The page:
We did not see as many deer this year as we usually do, but we did see a few. We saw a mama deer nursing her fawn, and that was really cool. The funniest thing was when one day we had gone down into the little town about 30 minutes away to download emails and so forth. This big ol’ buck with a big rack of antlers just came sauntering down the street on the sidewalk in the middle of town! He stopped right next to our van and peed, then went strolling along like a regular pedestrian.
One of my favorite things about Colorado is the aspen trees. They are so pretty! Their leaves are almost circular, and they attach to their limbs in a way that lets them flutter freely. When the sun shines on them and the wind blows, they reflect the light so that they look like they are twinkling. I can sit for long periods of time just watching them.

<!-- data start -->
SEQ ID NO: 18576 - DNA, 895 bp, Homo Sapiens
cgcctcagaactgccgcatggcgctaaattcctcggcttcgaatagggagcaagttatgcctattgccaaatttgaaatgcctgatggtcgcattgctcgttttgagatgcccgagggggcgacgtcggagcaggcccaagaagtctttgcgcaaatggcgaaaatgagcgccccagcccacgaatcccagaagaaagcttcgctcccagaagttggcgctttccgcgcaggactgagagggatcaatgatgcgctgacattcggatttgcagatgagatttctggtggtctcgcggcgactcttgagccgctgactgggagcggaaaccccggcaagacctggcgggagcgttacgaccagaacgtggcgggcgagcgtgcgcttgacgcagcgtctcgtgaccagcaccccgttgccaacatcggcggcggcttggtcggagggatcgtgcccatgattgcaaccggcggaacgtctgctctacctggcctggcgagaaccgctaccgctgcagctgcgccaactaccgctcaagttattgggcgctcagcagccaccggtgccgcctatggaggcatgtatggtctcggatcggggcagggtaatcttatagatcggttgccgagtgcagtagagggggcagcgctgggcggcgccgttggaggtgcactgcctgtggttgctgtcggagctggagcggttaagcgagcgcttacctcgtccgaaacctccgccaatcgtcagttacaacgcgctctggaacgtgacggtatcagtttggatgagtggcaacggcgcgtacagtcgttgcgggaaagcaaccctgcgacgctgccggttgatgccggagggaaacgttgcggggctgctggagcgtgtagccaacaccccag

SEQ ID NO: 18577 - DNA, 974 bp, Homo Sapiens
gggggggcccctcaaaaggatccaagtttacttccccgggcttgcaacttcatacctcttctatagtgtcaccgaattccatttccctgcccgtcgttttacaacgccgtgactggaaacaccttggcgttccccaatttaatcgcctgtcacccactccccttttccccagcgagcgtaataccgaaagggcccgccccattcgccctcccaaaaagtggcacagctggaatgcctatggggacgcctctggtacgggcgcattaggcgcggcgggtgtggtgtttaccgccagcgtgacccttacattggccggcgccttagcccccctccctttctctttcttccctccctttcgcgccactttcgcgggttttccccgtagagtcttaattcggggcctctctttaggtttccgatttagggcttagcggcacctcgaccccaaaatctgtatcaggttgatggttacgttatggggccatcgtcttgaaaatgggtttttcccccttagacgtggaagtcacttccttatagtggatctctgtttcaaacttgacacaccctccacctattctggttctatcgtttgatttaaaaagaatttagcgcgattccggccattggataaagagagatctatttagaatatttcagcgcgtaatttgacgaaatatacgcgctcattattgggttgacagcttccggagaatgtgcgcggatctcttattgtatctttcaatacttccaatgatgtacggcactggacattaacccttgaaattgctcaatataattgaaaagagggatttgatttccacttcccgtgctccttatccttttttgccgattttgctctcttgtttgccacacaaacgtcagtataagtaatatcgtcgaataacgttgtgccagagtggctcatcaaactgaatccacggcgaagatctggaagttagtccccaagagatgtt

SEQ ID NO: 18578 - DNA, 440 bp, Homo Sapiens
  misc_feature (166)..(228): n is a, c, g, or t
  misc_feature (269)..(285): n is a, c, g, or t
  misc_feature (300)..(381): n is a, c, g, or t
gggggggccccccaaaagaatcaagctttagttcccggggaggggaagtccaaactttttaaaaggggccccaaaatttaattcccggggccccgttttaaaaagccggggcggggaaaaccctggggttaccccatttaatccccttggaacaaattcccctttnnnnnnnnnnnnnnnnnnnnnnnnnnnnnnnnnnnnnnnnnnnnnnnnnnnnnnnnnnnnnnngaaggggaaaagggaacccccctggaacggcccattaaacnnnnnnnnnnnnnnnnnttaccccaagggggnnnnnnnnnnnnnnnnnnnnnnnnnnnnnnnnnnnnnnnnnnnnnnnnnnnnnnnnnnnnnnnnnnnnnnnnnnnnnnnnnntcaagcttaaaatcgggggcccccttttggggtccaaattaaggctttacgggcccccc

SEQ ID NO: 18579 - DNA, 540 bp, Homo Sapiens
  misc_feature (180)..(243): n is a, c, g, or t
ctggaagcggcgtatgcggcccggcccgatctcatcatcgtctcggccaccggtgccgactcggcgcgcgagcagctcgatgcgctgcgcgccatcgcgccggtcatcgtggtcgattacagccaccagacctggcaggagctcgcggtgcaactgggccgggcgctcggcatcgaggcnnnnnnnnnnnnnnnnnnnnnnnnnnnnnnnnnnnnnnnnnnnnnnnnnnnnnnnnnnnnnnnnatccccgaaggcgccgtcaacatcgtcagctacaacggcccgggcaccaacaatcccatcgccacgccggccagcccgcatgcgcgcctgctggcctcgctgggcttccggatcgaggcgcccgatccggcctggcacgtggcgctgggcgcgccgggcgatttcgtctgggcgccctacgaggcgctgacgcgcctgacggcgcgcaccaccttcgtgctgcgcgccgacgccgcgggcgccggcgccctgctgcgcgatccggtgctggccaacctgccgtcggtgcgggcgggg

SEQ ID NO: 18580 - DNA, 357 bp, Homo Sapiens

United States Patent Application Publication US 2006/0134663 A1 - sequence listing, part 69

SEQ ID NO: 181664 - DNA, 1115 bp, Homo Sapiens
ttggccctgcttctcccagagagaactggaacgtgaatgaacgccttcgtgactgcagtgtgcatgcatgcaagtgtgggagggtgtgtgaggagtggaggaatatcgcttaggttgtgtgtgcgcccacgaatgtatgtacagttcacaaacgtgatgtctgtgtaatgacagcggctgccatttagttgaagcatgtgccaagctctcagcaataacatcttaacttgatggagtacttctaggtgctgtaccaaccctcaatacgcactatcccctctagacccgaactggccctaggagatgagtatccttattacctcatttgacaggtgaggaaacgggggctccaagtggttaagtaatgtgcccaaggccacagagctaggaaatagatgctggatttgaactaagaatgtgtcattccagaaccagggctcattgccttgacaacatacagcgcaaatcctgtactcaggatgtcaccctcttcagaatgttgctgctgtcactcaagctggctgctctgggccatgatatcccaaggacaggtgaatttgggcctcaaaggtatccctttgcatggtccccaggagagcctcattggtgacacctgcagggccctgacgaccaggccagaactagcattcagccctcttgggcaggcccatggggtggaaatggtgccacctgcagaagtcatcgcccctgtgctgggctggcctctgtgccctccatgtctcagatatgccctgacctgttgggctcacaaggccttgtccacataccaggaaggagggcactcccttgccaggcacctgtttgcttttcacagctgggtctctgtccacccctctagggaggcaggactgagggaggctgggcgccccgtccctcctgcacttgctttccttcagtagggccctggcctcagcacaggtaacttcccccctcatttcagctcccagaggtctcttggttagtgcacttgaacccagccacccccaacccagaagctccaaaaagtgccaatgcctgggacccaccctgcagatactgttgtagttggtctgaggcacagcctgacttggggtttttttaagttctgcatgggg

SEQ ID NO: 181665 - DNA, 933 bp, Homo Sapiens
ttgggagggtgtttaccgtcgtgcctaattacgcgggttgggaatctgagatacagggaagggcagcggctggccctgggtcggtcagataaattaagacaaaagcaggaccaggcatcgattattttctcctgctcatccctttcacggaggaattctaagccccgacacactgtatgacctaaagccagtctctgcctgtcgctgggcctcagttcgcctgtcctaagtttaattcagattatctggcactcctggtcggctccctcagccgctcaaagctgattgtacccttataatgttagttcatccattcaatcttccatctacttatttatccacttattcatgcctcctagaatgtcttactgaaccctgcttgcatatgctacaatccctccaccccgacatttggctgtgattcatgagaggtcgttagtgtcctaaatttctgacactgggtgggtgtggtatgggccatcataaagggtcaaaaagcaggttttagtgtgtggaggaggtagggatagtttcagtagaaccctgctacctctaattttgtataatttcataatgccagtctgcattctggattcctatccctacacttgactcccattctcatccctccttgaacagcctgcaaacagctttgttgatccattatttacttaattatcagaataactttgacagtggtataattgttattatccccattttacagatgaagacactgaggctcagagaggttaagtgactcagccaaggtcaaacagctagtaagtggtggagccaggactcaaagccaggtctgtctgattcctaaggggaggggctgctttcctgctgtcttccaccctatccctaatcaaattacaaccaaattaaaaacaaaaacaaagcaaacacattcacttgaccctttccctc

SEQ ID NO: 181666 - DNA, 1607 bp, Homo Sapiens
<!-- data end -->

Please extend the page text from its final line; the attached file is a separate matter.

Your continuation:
I’ve discovered that the Denton library is a wonderful source of DVD’s, including movies and TV series. One of the things that has been fun about bringing the kids with us on these trips is introducing them to some of the great old (and not-so-old) movies and TV series. Last year I brought a bunch of the old Dick Van Dyke shows, and the girls fell in love with them. When we got home I was able to find the show on cable, and I record them for us to watch at home. This year I brought a disc of Get Smart episodes. They are so corny and awful and hilarious, and the girls begged for more. I also brought “Sabrina” (the remake with Harrison Ford and Julia Ormand), and we really enjoyed watching that, too. The girls are old enough to “get” stuff like that, and it’s fun for me to watch them watching it. In the older movie category, we saw “Mr. Roberts” with Henry Fonda and James Cagney. I love bringing these great stories to new eyes.